Valentine's Sale Extended: 20% Sale.

See February's Specials in Our Shop

Free Spellcasting Consultations: Contact Us

By Witchipedia, Herbs

Bloodroot: Folklore, Healing & Magical Uses

Updated on:

/

Written by: Dawn Black (Witchipedia)

/

Reviewed by: Tina Caro

Bloodroot (Sanguinaria canadensis) is an herbaceous flowering perennial native to the Eastern North American woodlands. This is a very pretty little plant that grows a single, deeply lobed palmate leaf from a basal stem that wraps around the white 8-petaled ray-type flower as it appears in very early spring (March-May) and disappears quickly.

The leaf opens wider as the flower grows on its single stem an inch or two above it, like a lady shedding her mantle and tossing it behind her which then becomes a pedestal for the flower to stand on. The whole thing is only about six inches tall. The flowers, which are pollinated by bees and flies, disappear by mid-May or so and then the leaf itself goes dormant by midsummer, leaving only the elongated green seed pods above ground to ripen.

These attract ants who take them back to their nests and eat the fleshy/fruity part before throwing the seed into the ant garbage pile where it then germinates.

Double-blooming varieties of bloodroot have been developed for the garden trade. These bloom much longer than the wild type.

The root is a rhizome that stores a bright red sap, reminiscent of blood, which gives the plant its name. It grows just below the surface of the soil. They form colonies that become small mounds or clumps that look just beautiful in the early spring.

Other Names bloodwort, red puccoon root, pauson, tetterwort, sweet slumber, snakebite, indian paint, coon root

KEY TAKEAWAYS

Bloodroot, a native North American plant, has a rich history in Native American folklore and was used by indigenous peoples for various medicinal and ritualistic purposes.

It reproduces primarily through rhizomes and its distinctive blood-red sap has been used as a natural dye.

Harvesting bloodroot should be done with care, as its rhizomes contain toxic alkaloids, but it can be dried and used in various home remedies, such as toothpaste and skincare products.

Bloodroot is believed to possess magical properties, often associated with protection and love spells, and it has a long history of use in witchcraft and traditional magic.

History and Folklore

Bloodroot is a native American wildflower that was used by the native population for red dye. It was apparently used as body paint as well, though it must have been cut with some other ingredient to prevent serious skin damage.

Bloodroot has enjoyed a long history of traditional medicinal use, but lately has come under fire due to its caustic nature. It has been used in toothpaste and most recently as an antibacterial agent in meat production in Europe.

UseDescription
Native American MedicineUtilized for various medicinal purposes
DyeingUsed as a natural dye for fabrics or crafts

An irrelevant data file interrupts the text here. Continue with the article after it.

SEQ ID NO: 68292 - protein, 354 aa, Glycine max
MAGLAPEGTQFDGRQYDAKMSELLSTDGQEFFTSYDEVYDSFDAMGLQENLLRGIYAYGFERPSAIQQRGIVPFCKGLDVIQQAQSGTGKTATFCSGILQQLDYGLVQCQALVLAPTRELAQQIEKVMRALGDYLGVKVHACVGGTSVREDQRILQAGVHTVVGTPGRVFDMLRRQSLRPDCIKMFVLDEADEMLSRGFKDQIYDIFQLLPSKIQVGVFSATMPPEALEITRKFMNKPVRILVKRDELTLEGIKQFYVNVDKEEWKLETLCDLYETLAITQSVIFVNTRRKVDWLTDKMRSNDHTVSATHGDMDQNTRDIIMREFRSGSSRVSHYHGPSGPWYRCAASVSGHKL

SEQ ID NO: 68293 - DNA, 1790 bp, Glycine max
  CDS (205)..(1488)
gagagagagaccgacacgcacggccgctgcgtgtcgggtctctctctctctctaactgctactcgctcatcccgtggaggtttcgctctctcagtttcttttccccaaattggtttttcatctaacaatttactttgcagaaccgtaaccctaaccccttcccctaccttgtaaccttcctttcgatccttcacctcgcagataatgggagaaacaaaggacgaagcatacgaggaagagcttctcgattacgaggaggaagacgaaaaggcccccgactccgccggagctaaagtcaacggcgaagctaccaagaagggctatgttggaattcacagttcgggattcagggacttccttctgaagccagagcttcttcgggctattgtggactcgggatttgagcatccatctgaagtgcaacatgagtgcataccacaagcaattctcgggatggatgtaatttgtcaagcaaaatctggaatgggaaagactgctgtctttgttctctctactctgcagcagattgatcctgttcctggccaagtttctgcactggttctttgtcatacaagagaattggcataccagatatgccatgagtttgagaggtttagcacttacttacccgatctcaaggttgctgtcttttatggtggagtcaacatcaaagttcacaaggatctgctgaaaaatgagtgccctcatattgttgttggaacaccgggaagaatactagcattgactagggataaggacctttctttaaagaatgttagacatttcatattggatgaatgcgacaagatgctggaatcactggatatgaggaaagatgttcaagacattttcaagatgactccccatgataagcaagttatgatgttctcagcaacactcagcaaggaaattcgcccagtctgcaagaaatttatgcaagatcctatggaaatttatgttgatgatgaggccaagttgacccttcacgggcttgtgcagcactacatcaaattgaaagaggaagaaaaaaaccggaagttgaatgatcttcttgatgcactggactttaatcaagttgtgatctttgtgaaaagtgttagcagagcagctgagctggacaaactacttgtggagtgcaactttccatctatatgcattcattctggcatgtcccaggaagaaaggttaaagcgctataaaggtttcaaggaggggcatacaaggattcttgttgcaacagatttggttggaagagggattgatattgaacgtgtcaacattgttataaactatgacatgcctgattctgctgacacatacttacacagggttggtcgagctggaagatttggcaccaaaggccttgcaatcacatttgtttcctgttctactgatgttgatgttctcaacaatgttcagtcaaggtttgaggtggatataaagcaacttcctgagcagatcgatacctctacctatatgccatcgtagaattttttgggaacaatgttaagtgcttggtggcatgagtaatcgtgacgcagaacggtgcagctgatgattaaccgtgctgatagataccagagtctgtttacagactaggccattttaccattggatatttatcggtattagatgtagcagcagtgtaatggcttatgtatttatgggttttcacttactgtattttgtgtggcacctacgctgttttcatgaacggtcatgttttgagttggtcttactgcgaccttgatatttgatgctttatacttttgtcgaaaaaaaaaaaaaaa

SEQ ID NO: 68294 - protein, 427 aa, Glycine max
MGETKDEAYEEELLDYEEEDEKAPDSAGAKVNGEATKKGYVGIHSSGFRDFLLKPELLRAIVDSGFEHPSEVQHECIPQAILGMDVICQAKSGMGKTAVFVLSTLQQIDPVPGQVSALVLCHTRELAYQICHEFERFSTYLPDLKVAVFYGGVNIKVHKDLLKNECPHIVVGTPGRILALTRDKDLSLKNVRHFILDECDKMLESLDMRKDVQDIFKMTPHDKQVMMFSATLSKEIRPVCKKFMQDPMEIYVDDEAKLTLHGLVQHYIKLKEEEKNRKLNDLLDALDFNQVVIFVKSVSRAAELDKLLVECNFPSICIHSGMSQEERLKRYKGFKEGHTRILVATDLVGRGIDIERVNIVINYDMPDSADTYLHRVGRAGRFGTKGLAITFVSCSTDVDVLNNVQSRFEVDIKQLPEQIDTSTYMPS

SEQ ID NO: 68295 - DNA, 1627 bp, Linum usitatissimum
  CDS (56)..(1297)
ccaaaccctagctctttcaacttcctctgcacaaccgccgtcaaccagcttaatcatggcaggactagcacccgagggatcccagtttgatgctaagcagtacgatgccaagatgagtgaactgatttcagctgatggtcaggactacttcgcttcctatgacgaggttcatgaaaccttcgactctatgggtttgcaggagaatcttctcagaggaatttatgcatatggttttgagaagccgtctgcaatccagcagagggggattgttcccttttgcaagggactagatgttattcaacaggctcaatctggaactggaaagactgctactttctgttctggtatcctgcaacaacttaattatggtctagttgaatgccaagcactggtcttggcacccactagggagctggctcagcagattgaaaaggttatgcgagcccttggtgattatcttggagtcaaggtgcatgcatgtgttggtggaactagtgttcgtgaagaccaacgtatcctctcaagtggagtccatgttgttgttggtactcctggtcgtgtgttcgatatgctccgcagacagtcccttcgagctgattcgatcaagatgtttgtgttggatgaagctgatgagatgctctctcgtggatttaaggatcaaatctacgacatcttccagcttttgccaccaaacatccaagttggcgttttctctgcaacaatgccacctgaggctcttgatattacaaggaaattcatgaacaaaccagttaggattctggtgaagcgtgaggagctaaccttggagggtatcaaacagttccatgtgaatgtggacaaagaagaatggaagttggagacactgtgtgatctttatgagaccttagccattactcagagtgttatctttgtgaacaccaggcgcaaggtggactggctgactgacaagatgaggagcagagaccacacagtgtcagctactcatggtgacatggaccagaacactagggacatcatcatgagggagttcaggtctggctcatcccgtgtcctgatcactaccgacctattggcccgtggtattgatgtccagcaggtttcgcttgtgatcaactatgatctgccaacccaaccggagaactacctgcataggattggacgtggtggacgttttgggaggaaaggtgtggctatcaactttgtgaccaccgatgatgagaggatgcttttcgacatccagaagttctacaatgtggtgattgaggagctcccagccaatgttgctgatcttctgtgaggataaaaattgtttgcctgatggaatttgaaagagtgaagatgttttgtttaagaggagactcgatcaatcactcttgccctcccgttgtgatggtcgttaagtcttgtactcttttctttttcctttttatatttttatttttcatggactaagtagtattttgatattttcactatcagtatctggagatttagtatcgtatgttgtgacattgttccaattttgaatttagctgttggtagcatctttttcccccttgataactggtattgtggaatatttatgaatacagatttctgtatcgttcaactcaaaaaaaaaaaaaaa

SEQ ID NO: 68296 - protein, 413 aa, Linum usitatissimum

Oral HealthEmployed for oral hygiene and mouth sores
Skin ConditionsApplied topically for skin issues and infections
Respiratory SupportUtilized for respiratory ailments and coughs
Love CharmsIncluded in love spells or charms
Table 1: Traditional and Folklore Uses

Propagation

Bloodroot is a native American plant that can be found growing wild in hardwood forests throughout Eastern North America. However, because it is collected by many herbalists and magic-users and because of habitat loss, I do not suggest gathering this plant from the wild.

Unlike many wildflowers, it is relatively easy to grow in a shady spot in your yard. You may be able to purchase plants from a plant conservancy or a native plant dealer in your area. Do not take bloodroot from the woods or from parks. Unless you have the permission of the landowner, this is illegal.

You can propagate bloodroot by seed or by cuttings or by division. It will spread by its rhizomes and its seeds forming lovely clumps.

Bloodroot likes a shady position in a well-drained, slightly acidic soil with high organic content. It likes to be grown with other plants, and black cohosh is a wonderful companion for bloodroot. It generally prefers to be kept moist but is pretty forgiving. You’ll want to mulch well with dead lives or wood chips to give it the feeling of being in the woods.

Don’t worry if your plant seems to die in the summer. It does go dormant and will probably return in the spring.

The roots grow a bit bigger each year and are best harvested around the sixth year. You should divide your clumps every 4 years or so to keep them vigorous.

Bloodroot is very attractive to slugs. If they become a problem, fill a tuna can with beer and half bury it near the bloodroot.

Harvesting & Storage

After harvesting, wash the roots thoroughly, not to bruise or break the skin. Lay on a screen to dry in a warm place with good airflow. Protect the roots from light and humidity. Roots are done drying when they have shrunk 1/4 of their original size and can be bent without breaking.

The dried bloodroots can be stored in paper or cardboard away from heat, moisture or light for up to two years.

Magical Attributes